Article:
LONDON — Plans to ax one of the five Sentinel R1 ground surveillance aircraft operated by the British Royal Air Force (RAF) may temporarily be put on hold as officials consider reprieving the jet until a longer-term decision on the fleet's future can be made.
The RAF had been proposing to cut one of the aircraft from the fleet of Raytheon-developed Sentinel aircraft by early October as part of a broader bid to generate cash savings that under new government rules can be ploughed into other equipment budgets rather than being handed back to the Treasury.
One government source said it is now " likely that the fifth aircraft it will be retained until the end of the financial year" to give time for a decision on longer-term plans for the aircraft.
A spokesman for the Ministry of Defence (MoD) said that no final decision had been taken on whether the fleet would be reduced.
The plan to reduce the RAF's already stretched Sentinel fleet were publicly condemned by the RAF's ISTAR Force commander, Air Commodore Dean Andrew, during a briefing with reporters at the Farnborough International Airshow in July.
Andrew said it was "unimaginable" the capability of 5 Army Co-operation Squadron would be reduced to just four aircraft when the fleet of lifesaving ISTAR jets remained in high demand.
Sentinel has played a key ISTAR role for the British and their allies in several conflicts around the world since it came into service at the end of 2008.
The aircraft, a Bombardier business jet modified with ground-moving target-indicator and synthetic-aperture radar sensor, has seen action in Afghanistan, Libya, Mali and elsewhere. It's now providing vital battlefield data as part of the coalition mission against Islamic State militants in Syria and Iraq.
Such was the high volume of commitments by the British government that the ISTAR commander labelled Sentinel as the "prime minister's go-to airplane."
"As a war fighter, its unthinkable we would let this capability wither on the vine," Andrew said.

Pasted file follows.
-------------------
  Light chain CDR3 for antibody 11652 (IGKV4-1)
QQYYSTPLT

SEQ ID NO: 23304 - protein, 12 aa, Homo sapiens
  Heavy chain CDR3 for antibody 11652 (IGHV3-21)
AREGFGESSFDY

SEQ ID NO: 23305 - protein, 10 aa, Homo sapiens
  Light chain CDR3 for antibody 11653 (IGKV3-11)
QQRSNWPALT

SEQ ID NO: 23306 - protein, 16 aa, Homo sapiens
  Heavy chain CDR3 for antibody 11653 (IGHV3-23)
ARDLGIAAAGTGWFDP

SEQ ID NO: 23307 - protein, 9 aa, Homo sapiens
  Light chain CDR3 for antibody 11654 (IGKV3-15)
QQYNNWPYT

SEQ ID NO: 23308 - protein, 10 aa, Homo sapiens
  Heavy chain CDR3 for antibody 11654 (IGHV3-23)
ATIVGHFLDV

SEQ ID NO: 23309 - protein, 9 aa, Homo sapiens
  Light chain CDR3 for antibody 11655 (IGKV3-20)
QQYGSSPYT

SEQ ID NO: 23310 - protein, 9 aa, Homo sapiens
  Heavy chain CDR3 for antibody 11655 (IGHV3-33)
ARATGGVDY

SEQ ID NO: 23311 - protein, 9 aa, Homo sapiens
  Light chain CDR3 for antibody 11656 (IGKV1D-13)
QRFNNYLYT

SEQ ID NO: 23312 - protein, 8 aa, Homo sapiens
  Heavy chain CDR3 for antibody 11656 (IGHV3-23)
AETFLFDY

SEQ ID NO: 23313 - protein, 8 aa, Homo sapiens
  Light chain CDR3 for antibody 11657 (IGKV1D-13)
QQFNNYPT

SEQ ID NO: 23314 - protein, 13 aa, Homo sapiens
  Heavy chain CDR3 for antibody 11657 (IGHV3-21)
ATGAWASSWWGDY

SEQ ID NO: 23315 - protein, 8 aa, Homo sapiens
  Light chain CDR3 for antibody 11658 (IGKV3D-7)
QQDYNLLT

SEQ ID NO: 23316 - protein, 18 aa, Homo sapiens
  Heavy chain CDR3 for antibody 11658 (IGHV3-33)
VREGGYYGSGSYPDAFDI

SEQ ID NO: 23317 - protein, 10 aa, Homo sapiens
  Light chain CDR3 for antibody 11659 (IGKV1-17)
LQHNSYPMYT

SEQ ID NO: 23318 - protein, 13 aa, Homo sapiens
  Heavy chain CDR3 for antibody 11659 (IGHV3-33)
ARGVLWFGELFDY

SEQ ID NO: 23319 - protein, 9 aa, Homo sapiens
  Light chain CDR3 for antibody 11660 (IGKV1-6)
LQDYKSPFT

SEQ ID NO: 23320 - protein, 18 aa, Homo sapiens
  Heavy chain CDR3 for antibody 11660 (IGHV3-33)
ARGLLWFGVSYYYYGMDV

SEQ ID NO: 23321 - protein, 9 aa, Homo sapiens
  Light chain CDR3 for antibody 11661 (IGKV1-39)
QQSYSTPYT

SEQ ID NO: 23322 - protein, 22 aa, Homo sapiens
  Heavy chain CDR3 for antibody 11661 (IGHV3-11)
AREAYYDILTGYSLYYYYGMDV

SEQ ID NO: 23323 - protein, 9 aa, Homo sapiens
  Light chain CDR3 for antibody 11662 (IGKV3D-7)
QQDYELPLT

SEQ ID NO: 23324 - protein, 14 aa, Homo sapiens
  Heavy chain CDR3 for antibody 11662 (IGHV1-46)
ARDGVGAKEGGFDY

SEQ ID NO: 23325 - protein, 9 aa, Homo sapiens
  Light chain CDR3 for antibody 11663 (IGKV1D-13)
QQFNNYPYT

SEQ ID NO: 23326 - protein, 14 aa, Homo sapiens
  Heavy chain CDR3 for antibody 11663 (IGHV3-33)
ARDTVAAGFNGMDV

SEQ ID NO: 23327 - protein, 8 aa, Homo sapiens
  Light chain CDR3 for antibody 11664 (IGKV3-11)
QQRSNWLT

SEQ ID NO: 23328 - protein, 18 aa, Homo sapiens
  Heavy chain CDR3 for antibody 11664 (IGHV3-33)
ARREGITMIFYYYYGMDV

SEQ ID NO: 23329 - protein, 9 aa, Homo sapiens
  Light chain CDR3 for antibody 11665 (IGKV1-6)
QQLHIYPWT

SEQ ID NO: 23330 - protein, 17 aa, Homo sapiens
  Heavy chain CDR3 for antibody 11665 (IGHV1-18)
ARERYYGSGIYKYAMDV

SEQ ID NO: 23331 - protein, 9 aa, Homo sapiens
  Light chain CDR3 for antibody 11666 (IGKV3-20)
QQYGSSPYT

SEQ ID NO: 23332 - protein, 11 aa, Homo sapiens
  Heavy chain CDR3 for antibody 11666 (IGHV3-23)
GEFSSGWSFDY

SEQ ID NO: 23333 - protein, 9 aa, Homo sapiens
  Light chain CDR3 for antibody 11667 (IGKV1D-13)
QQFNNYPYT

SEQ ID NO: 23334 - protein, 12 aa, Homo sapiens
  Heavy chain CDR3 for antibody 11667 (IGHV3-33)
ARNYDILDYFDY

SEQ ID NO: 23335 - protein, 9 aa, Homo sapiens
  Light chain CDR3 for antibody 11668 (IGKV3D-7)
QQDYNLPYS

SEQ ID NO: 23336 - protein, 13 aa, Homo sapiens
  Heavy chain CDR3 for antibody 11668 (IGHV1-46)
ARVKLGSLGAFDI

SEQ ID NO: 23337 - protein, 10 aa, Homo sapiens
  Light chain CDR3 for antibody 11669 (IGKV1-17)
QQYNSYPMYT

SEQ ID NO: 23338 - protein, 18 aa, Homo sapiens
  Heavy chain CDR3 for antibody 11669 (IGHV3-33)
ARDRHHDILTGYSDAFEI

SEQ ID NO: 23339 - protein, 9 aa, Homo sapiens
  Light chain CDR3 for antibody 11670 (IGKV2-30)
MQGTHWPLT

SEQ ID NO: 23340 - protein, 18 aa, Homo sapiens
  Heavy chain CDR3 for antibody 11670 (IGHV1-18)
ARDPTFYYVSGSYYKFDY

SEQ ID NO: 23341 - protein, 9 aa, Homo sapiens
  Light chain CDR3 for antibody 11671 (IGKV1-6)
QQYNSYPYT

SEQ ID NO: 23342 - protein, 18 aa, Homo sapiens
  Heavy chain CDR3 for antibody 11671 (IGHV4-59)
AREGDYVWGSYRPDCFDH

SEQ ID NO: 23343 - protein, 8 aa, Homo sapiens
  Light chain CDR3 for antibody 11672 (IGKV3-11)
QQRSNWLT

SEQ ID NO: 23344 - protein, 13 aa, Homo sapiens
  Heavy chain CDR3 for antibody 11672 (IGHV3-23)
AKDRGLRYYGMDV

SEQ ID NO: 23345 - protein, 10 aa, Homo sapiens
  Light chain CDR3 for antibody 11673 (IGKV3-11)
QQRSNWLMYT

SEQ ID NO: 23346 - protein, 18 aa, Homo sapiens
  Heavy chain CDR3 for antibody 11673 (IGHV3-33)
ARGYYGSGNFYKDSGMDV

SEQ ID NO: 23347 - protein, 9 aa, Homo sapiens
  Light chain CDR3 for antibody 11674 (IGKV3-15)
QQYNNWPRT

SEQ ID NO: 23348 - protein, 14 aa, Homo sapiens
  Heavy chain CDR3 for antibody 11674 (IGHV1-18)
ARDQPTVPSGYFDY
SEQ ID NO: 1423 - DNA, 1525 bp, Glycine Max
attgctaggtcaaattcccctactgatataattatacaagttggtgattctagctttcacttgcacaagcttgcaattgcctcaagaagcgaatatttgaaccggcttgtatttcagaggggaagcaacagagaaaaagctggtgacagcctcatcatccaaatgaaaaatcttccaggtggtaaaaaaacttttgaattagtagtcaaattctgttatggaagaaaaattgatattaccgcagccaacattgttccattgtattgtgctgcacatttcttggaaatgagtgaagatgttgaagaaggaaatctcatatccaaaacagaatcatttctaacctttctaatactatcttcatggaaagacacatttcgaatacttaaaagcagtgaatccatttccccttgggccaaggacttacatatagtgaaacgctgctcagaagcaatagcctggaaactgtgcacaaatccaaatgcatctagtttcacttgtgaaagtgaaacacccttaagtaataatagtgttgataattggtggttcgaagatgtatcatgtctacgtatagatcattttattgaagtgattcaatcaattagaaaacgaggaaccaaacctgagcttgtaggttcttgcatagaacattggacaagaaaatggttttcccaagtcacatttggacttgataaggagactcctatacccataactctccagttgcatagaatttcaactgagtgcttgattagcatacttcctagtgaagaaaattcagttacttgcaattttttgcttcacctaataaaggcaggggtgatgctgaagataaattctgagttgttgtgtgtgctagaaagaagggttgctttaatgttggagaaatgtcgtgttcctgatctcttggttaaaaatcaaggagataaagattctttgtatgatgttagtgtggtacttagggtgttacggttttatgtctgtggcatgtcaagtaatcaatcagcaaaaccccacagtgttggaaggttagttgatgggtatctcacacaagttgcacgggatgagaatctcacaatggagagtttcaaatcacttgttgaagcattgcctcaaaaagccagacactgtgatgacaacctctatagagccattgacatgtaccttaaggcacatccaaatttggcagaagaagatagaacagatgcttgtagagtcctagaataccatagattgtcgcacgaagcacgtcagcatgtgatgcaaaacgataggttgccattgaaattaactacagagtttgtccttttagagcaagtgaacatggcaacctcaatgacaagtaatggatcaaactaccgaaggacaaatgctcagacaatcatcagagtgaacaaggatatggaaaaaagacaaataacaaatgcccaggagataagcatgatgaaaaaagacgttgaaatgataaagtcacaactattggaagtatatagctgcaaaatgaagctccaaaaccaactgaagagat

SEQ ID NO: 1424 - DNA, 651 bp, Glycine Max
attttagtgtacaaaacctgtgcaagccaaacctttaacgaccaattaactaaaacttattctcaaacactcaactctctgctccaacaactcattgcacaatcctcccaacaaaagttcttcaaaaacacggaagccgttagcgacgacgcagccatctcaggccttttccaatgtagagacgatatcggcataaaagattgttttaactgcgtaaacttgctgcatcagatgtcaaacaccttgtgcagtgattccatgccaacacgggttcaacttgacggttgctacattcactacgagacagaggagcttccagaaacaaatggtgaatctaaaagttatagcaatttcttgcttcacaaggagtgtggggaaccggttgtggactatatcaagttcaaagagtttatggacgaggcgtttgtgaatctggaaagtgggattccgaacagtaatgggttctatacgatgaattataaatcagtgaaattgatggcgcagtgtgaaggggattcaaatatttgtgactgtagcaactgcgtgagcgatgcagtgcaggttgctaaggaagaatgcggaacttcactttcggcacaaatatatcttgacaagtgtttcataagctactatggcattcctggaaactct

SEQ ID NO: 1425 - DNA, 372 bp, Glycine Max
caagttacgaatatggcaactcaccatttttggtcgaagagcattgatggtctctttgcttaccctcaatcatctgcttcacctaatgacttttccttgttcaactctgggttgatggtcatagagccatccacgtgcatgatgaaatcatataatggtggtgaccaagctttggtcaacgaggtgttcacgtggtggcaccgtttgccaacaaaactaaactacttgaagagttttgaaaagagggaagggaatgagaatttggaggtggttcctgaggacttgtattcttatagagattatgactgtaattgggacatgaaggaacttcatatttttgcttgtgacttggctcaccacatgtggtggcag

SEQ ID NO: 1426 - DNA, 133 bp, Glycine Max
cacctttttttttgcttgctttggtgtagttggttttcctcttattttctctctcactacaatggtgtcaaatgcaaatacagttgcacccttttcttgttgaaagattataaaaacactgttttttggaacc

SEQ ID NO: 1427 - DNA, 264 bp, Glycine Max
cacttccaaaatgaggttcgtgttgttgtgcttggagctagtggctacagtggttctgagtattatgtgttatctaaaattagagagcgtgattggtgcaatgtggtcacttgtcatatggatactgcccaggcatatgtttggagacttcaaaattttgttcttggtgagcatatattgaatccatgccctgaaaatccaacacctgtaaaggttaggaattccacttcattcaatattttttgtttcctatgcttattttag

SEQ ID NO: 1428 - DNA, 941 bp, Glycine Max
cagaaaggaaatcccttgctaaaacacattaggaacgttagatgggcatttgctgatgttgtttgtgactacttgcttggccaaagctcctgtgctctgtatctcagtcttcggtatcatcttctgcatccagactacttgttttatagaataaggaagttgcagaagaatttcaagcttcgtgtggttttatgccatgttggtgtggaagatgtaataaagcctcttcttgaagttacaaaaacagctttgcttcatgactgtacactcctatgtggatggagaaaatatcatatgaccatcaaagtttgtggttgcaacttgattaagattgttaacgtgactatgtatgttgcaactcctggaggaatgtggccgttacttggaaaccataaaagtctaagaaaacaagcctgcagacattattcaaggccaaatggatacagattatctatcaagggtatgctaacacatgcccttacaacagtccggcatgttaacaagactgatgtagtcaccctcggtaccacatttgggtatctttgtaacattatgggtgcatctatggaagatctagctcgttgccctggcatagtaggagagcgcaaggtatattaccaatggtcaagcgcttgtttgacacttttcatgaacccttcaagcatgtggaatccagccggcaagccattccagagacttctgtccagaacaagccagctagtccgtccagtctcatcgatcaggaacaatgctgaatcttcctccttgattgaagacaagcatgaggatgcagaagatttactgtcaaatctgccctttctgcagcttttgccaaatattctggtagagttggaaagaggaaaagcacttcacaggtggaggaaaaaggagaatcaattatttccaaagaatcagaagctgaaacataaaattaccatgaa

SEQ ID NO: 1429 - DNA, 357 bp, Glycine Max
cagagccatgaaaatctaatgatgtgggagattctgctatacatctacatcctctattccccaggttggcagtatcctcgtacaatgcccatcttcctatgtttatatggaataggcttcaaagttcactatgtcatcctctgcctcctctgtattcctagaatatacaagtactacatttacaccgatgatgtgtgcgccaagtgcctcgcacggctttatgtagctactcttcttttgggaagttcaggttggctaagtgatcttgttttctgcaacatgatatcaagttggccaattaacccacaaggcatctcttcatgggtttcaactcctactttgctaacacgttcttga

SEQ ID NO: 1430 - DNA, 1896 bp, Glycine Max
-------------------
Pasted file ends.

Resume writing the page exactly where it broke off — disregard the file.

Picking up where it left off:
Sentinel has been the target for cuts before. In the 2010 Strategic Defence and Security Review (SDSR), the government said it would completely ax the fleet once British forces withdrew from Afghanistan.
That plan was finally rescinded in last year's SDSR when the Conservative-led government confirmed it would extend the Sentinel in-service time into the next decade as part of a wider ISTAR plan, which also involved the stretching of Sentry AEW and Rivet Joint signals intelligence aircraft out-of-service dates to 2035 and the Shadow intelligence platform to 2030.
The British are also set to purchase 20 more capable Protector versions of the Reaper drone and nine Boeing P-8 maritime patrol aircraft to boost its surveillance capabilities.
"The MoD can confirm the Sentinel capability is being extended in service until March 2021. The provision of an equivalent capability for the longer term remains under consideration", the MoD spokesman said.
A decision on the longer-term retention of the Sentinel fleet is in the works but would probably be subject to a Joint Forces Command study now underway to look at equivalent capability options beyond 2021.
Sentinel prime contractor Raytheon has been working on a road map to update the aircraft and manage obsolescence issues if the Sentinel remains in service far beyond 2021.